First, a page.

Welcome to the Denodo Basic Tutorial!

All new technologies require some kind of training before you can use them capably on your own. Here you will find a complete set of lessons that briefly describe the main topics you need to know to start your Denodo project.

Problem to solve

First you have to stop and understand the use case we are trying to solve with the Denodo Tutorials. Let's take the following scenario:

  • You are working in a company that has information about its customers (CRM) stored in a relational database.
  • The complete billing information for any customer is exposed in an internal Web Service.
  • End users do not want to use different applications to get available information of customers (CRM, Sales Application, etc.).
  • The IT department does not like the idea of creating a specific application for this business need and it would like to reuse this customer global view, if possible, in any other application.

We said in the previous paragraph: "End users do not want to use different applications to get all the information of customers", so the problem here is to connect disparate data to create a single view of the customers, and the IT department wants that single view to be reusable.

If you follow a bad design (not reusing components, creating ad-hoc code/applications, etc.) your systems will grow as in the image below:

This is a typical example of exactly what you do not want to have in your enterprise. Organizations struggle to simplify data access, deliver data more quickly, and satisfy the continuous demand for better analytics due to spread of data across data warehouses, data lakes, data hubs, enterprise applications, and files, both on-premises and in the cloud.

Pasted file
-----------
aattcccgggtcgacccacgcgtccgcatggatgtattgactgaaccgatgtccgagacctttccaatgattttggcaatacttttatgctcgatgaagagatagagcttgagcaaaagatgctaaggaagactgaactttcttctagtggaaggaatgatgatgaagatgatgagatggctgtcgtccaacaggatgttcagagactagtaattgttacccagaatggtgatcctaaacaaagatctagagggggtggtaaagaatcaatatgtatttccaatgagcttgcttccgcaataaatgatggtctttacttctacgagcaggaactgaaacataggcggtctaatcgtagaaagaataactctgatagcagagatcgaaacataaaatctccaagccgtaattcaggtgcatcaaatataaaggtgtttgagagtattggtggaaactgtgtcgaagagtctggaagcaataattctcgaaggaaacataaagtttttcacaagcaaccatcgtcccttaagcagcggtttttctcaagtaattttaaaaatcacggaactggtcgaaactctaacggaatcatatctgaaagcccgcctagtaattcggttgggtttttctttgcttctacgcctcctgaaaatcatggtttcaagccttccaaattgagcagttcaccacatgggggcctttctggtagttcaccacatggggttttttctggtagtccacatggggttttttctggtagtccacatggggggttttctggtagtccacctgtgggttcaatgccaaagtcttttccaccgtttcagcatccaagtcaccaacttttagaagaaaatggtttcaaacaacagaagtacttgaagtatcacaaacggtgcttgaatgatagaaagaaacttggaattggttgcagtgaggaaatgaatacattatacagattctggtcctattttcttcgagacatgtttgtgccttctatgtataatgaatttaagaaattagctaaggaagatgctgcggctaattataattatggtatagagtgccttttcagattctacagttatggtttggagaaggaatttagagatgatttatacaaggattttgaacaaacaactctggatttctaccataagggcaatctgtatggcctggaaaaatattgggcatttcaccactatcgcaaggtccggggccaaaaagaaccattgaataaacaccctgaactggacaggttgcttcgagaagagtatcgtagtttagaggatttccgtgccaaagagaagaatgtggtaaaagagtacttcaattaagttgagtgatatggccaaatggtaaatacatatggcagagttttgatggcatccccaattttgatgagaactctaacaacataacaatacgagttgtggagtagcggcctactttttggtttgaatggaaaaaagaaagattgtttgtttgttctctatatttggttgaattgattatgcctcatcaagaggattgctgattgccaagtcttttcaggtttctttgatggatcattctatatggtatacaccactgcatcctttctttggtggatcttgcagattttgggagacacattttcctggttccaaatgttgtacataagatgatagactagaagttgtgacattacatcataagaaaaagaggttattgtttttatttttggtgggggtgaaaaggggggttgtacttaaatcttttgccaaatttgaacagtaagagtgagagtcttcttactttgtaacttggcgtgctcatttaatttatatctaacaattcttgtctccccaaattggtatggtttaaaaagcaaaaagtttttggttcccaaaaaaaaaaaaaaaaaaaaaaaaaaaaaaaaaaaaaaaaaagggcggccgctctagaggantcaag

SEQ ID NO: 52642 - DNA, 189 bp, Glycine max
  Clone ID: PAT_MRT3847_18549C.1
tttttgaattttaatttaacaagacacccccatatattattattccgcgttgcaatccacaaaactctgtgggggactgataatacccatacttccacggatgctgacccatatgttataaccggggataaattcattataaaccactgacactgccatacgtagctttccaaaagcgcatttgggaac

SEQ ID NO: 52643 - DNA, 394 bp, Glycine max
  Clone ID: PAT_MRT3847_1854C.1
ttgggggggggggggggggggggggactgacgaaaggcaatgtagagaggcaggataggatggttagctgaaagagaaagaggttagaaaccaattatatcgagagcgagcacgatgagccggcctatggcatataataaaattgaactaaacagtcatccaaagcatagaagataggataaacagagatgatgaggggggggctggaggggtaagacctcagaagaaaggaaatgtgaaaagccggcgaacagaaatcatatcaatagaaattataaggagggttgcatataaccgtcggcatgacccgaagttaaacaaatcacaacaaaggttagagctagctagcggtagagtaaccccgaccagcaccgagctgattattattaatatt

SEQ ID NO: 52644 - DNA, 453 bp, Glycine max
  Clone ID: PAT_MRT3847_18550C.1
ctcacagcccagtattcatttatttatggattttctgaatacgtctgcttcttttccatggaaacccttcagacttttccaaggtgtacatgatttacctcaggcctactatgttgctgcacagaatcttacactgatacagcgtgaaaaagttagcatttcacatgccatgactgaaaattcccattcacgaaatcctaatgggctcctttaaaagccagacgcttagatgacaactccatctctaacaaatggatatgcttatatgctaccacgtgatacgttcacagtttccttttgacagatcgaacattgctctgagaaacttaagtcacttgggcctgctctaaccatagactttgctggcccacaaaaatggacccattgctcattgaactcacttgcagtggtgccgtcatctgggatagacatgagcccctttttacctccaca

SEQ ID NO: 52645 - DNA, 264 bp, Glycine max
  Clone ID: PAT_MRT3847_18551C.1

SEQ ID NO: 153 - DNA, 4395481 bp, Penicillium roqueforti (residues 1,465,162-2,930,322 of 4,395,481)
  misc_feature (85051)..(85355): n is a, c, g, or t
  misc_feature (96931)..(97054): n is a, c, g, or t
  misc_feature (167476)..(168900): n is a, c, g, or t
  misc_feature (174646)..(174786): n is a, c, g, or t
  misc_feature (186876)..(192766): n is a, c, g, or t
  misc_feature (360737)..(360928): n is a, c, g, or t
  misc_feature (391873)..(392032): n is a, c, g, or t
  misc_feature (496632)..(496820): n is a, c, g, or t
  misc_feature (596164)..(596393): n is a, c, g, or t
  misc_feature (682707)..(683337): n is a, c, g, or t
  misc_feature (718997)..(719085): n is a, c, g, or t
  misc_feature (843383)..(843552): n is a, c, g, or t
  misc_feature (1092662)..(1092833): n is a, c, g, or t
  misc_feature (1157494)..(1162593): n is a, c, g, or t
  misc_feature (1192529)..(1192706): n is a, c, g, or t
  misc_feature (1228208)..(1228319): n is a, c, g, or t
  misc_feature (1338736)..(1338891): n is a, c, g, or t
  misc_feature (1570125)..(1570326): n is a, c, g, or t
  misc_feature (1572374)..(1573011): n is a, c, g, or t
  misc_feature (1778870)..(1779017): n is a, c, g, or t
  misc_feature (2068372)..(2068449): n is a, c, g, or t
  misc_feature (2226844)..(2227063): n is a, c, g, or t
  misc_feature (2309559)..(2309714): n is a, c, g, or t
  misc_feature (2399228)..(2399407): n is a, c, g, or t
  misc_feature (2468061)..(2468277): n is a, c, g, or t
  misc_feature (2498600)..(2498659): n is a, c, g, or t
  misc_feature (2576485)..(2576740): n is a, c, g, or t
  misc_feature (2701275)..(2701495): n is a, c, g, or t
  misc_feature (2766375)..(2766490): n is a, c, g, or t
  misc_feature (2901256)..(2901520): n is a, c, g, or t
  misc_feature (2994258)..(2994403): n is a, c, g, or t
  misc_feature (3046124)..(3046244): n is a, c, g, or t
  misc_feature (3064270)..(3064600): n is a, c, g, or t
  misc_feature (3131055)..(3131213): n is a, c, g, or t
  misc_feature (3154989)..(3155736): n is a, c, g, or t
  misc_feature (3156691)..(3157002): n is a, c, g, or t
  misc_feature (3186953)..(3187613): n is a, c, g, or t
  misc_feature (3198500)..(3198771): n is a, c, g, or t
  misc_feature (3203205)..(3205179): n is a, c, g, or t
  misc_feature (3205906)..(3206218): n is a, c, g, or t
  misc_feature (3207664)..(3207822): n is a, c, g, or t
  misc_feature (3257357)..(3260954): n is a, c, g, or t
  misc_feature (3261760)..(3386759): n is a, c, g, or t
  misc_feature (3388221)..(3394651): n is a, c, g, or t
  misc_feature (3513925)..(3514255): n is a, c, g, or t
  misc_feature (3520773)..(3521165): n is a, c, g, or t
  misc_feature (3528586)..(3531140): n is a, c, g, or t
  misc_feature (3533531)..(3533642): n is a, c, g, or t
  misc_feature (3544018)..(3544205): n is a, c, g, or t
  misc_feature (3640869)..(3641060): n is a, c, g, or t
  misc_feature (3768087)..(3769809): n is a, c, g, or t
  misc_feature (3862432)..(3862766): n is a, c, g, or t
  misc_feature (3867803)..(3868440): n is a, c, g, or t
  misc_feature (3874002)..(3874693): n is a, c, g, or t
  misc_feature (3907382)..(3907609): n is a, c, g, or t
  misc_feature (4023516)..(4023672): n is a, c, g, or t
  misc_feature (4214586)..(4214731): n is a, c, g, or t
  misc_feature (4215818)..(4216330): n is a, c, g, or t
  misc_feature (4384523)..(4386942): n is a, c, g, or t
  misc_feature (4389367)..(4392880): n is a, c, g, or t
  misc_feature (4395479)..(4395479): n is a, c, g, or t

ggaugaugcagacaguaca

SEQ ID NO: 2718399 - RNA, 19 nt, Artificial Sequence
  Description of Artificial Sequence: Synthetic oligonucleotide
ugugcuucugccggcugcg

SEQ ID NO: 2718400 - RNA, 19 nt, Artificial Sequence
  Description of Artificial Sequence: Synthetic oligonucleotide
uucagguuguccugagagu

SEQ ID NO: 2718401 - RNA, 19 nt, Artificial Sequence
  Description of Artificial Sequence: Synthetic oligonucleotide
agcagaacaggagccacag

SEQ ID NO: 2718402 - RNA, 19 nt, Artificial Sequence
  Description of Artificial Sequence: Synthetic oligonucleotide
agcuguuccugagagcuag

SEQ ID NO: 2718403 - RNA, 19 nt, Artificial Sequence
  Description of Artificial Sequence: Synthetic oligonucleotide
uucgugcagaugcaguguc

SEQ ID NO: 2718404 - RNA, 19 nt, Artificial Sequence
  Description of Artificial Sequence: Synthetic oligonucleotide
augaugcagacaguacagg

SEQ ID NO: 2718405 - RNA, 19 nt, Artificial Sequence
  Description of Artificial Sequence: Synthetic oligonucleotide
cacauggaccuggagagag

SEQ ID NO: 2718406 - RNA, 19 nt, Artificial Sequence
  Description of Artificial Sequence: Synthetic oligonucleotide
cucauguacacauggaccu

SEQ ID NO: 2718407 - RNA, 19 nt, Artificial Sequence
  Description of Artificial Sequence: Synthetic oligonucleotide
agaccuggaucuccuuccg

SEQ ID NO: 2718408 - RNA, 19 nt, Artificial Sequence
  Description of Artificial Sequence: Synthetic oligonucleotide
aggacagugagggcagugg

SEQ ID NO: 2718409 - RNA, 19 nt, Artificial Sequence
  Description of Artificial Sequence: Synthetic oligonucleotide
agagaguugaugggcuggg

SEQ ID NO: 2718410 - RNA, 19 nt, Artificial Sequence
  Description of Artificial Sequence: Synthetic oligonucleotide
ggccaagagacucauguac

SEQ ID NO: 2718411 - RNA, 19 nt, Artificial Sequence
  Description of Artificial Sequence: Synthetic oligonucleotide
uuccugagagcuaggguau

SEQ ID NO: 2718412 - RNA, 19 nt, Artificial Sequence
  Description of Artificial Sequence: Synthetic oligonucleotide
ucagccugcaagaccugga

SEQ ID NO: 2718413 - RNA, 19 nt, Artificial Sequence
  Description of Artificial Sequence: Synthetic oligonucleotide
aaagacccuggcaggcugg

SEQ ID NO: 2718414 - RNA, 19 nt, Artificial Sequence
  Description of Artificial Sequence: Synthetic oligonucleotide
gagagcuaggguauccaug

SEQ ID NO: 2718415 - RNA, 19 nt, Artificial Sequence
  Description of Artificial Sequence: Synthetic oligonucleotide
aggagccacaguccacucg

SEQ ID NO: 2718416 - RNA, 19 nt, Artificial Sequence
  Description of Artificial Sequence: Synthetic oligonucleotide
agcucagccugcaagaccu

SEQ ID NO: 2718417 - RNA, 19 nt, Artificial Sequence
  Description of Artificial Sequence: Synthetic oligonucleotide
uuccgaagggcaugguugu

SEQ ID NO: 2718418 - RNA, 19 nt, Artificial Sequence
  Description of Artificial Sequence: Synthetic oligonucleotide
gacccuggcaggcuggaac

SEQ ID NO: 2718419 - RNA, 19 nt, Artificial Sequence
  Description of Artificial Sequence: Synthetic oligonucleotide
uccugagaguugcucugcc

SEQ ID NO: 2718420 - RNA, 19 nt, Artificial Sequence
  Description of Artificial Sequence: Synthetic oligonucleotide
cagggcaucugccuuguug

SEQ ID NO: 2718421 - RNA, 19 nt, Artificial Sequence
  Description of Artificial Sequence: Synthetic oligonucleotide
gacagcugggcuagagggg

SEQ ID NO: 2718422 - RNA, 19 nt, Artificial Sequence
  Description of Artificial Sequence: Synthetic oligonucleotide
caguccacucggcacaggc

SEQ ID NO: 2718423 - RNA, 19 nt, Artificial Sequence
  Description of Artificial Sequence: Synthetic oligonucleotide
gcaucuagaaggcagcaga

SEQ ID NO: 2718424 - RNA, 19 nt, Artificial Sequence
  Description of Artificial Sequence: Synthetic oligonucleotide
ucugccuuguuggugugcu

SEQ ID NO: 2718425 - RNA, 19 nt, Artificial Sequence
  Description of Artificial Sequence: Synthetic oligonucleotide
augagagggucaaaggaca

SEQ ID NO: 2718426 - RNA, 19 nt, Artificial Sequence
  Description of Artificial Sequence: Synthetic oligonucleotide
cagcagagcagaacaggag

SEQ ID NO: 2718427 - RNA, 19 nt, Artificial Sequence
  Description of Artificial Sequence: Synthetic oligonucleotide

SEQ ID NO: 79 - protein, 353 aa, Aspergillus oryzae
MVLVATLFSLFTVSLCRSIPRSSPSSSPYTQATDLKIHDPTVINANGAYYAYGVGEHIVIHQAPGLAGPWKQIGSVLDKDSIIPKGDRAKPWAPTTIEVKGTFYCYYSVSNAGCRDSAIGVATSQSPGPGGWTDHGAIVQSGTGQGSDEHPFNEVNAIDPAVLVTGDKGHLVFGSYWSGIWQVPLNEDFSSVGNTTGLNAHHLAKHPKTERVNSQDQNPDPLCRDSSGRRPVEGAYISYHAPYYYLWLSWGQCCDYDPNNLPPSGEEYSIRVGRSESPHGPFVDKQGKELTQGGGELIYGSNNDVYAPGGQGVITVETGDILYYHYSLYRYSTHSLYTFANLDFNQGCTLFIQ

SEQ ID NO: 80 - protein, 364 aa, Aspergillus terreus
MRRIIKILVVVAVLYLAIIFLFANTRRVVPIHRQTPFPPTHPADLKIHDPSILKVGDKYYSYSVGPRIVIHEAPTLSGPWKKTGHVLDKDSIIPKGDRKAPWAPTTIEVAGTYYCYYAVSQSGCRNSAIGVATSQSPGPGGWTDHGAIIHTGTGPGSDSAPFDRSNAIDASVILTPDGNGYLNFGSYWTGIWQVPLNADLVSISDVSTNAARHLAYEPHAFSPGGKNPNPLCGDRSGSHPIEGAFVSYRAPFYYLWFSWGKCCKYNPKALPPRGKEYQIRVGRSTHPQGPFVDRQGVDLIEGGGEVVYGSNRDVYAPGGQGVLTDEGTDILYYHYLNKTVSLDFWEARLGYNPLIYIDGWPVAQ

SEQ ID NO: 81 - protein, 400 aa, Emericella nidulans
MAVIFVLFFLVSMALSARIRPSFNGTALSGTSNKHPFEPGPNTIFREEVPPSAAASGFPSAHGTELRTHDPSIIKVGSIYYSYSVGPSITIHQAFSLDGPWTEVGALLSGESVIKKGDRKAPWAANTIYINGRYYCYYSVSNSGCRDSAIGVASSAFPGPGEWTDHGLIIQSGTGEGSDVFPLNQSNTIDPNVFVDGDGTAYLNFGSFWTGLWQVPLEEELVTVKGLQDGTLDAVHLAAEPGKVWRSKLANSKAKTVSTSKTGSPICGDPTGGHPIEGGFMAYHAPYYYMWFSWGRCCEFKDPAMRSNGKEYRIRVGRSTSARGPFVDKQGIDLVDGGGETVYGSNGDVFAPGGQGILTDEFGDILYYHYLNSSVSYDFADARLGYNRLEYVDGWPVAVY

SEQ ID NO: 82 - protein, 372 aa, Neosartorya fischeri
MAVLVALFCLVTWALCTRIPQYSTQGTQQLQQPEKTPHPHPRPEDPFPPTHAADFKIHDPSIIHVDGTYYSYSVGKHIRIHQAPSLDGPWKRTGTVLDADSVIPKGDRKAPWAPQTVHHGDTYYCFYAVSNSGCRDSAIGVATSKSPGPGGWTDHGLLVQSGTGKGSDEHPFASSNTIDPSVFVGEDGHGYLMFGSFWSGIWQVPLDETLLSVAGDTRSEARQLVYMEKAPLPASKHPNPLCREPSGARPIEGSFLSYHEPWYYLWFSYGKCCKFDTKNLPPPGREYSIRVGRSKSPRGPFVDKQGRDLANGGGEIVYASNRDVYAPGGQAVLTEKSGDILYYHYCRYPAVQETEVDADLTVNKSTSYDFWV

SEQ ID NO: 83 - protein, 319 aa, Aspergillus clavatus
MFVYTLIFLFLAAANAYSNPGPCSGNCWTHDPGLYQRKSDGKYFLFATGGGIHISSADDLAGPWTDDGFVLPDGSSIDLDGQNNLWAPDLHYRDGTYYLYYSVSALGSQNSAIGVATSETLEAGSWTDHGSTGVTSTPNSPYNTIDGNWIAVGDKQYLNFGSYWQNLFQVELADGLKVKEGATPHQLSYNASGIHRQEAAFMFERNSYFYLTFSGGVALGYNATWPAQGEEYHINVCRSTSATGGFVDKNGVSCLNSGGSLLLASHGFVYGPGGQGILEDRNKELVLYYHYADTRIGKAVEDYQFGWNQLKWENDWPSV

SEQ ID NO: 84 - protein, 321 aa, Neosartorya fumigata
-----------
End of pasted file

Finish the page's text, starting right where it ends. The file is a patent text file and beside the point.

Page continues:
The Denodo Platform, powered by data virtualization, is a logical data integration, data management, and data delivery solution that provides a centralized data access layer that enables all users to find, query, integrate, and securely share datasets, in real time, with breakthrough cost-effectiveness.

This provides unified access for consuming applications, enabling organizations to acquire timely, trusted, integrated datasets for faster analytics and informed business decisions.

In this way, your applications will be independent from the physical sources where the data is stored.

After completing the Denodo tutorials you will learn that the Denodo Platform provides:

  • Logical data layer: Denodo provides a virtual or logical approach to accessing, managing, and delivering data without replicating it in a physical repository.
  • Data integration: Denodo integrates data across all enterprise systems, regardless of data format, location, or latency.
  • Data management: Denodo enables organizations to manage related data with a universal semantic model, providing enhanced metadata, enabling data governance.
  • Data delivery: Denodo delivers and democratizes data in real time leveraging BI and data science tools, a powerful data catalog, and APIs.

In this first tutorial we will cover the most basic functionalities of Denodo Platform.

The topics that you will find in this tutorial are the following:

  • Connect to Denodo
  • Create folders for organizing your database.
  • Import relational databases.
  • Execute queries.
  • Create a simple combination view.

If you have already installed all the needed components (Denodo + Tutorial data sources), please go ahead to the next section.

To start working with Denodo you have to connect to the Denodo server from the Denodo Design Studio.

The Design Studio is a web tool for managing the configuration of the Denodo server. It allows you to connect to data sources, create views, publish data services, etc.

If you are not connected yet, go to the URL of the Design Studio and log in using these credentials: